herald

Saturday 3 December 2016

Jailed Dublin teen gets first real contact with family in months

Lawyer Darragh Mackin, Ibrahim's sister Khadija and Sinn Fein MEP Lynn Boylan in Egypt
Lawyer Darragh Mackin, Ibrahim's sister Khadija and Sinn Fein MEP Lynn Boylan in Egypt

Imprisoned Dublin teen Ibrahim Halawa has been allowed to embrace a member of his family for the first time in months.

The 19-year-old has been imprisoned in Cairo since August 2013 - and today marks his 717th day behind bars.

His sister Khadija, one of his lawyers, and Sinn Fein MEP Lynn Boylan met the teenager at Wadi el-Natrun prison yesterday.

"It was very emotional to watch him and his sister," Ms Boylan told the Herald from Cairo.

Contact

"It was the first physical contact he has had with any member of his family in nine months.

"He held her hand so tightly the entire time we were there," she added.

"Usually when the family manage to gain access to the prison they get just three minutes or so with Ibrahim and he is behind barriers during the visit," Ms Boylan added.

The trio met with Ibrahim in the governor's office in the prison and were granted a full hour with him.

"The plush surroundings were obviously quite different from the rest of the prison," Ms Boylan said.

"He said he gets frustrated waking up there listening to the sounds of other prisoners being beaten."

Ibrahim's visitors emerged from the prison very concerned about his health.

The youngster has a pre-existing heart condition which his family have said is worsening during his time in prison.

"His breathing was very laboured. We are calling on Foreign Minister Charles Flanagan to intervene and request that a doctor be allowed to visit him in prison," Ms Boylan said.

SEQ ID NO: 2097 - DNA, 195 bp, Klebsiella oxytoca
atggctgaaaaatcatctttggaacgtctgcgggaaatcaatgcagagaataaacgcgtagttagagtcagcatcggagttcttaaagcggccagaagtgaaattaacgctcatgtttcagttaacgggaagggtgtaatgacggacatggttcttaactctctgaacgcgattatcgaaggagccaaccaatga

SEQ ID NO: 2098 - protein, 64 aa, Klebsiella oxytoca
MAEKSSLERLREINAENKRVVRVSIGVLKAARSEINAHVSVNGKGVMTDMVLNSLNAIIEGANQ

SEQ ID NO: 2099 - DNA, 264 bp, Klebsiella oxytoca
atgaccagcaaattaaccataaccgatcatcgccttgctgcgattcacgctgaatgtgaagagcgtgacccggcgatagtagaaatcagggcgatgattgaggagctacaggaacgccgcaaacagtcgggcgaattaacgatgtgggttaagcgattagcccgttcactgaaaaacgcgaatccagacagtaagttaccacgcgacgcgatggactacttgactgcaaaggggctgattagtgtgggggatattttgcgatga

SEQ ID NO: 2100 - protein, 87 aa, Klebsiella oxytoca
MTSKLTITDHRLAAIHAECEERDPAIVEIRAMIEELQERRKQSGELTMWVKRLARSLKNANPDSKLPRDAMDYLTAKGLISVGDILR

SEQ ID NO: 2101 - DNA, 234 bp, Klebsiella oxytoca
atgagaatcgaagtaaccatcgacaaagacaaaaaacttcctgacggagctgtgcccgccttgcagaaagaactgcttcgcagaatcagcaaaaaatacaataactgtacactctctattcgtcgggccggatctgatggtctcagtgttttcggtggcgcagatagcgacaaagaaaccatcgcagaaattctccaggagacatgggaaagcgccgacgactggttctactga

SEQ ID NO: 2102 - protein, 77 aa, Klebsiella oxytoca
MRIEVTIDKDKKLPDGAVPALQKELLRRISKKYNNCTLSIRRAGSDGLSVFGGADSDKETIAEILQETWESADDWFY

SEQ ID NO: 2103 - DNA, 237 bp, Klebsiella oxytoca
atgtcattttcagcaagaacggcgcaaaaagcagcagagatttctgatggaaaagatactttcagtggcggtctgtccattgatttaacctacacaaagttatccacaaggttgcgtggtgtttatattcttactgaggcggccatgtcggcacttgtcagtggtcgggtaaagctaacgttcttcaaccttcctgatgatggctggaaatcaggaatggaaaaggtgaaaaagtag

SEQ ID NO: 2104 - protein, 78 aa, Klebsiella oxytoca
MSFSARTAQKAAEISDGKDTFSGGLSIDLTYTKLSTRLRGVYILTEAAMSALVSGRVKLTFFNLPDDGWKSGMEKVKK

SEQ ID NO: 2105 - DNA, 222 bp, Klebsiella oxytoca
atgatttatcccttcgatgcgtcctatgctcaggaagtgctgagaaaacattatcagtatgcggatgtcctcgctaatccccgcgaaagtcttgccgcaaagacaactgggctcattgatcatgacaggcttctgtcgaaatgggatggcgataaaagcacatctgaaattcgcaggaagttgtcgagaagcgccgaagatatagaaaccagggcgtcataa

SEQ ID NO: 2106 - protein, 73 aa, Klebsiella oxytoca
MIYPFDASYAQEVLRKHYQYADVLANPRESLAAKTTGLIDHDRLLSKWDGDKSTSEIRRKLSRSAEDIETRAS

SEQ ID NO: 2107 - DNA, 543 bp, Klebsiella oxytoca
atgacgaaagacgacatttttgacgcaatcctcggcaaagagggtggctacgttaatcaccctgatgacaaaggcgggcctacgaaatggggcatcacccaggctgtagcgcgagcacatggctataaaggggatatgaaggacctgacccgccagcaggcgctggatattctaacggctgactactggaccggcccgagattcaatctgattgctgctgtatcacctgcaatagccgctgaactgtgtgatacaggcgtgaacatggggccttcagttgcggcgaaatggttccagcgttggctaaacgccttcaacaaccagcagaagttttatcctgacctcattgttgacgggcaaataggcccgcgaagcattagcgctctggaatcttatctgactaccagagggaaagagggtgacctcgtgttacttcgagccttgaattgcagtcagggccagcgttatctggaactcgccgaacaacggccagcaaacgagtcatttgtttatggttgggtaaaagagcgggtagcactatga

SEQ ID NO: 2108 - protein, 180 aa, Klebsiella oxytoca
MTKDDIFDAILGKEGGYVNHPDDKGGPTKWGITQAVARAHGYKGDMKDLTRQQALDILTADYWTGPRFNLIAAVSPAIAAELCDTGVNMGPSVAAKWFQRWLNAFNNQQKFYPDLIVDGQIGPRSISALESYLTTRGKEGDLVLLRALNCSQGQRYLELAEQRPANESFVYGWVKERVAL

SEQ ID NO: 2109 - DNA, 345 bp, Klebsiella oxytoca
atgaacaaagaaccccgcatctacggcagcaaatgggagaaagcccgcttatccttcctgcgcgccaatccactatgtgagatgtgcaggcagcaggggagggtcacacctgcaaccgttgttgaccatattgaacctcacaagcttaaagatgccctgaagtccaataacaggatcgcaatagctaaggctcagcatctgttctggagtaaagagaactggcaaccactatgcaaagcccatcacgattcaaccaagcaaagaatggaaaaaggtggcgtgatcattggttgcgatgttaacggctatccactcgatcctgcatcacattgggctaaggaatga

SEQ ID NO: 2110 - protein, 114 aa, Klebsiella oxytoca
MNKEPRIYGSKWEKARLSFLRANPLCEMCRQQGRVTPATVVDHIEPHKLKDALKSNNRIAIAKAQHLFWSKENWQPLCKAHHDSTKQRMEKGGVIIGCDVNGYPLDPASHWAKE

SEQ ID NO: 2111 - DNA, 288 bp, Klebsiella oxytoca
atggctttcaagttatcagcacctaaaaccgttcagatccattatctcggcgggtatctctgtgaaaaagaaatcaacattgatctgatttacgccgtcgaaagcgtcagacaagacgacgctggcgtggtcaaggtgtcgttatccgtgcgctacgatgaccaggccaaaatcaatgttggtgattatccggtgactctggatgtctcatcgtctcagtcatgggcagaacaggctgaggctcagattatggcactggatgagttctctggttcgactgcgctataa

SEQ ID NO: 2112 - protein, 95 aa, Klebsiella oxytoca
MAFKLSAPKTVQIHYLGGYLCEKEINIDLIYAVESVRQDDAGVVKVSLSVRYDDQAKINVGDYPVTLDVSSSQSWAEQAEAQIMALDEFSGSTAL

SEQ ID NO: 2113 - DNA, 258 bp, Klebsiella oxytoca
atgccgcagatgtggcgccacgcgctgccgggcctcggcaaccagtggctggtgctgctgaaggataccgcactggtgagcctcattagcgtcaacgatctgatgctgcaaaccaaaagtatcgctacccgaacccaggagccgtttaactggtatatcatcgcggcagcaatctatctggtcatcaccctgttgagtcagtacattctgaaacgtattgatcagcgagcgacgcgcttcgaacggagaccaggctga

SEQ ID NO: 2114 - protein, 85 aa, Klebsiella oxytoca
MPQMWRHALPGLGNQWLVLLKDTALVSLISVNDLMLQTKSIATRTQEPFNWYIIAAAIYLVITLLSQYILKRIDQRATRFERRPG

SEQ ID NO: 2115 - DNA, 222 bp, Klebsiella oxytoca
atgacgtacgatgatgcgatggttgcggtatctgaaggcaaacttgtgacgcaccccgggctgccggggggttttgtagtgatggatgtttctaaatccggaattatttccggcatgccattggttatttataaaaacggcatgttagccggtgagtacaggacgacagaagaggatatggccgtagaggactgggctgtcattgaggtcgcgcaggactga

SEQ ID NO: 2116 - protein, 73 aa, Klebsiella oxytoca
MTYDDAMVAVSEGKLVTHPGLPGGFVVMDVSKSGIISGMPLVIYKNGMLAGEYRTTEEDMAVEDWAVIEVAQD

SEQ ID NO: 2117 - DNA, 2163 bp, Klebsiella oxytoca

A spokesperson for Minister Flanagan said that he took Ibrahim's welfare while in detention "very seriously" and added that he had received "unprecedented" consular support.

Ibrahim - whose dad is Ireland's most senior Muslim cleric, Sheikh Hussein Halawa - also sent a message of thanks to his supporters in Ireland.

"He was adamant that the public pressure has kept him safe and improved his treatment in prison," Ms Boylan said.

Relief

It was a relief, she added, to know that campaigning on his behalf was not putting him in danger.

Ibrahim and some other 493 defendants attended a court date on Sunday, but the trial has been pushed back to October 4.

It is the eighth time proceedings have been delayed.

Ms Boylan, Ibrahim's family and his Irish lawyer Darragh Mackin were forced to wait outside during proceedings.

He was arrested during the Al Fateh Mosque siege two summers ago alongside his sisters, who were later released.

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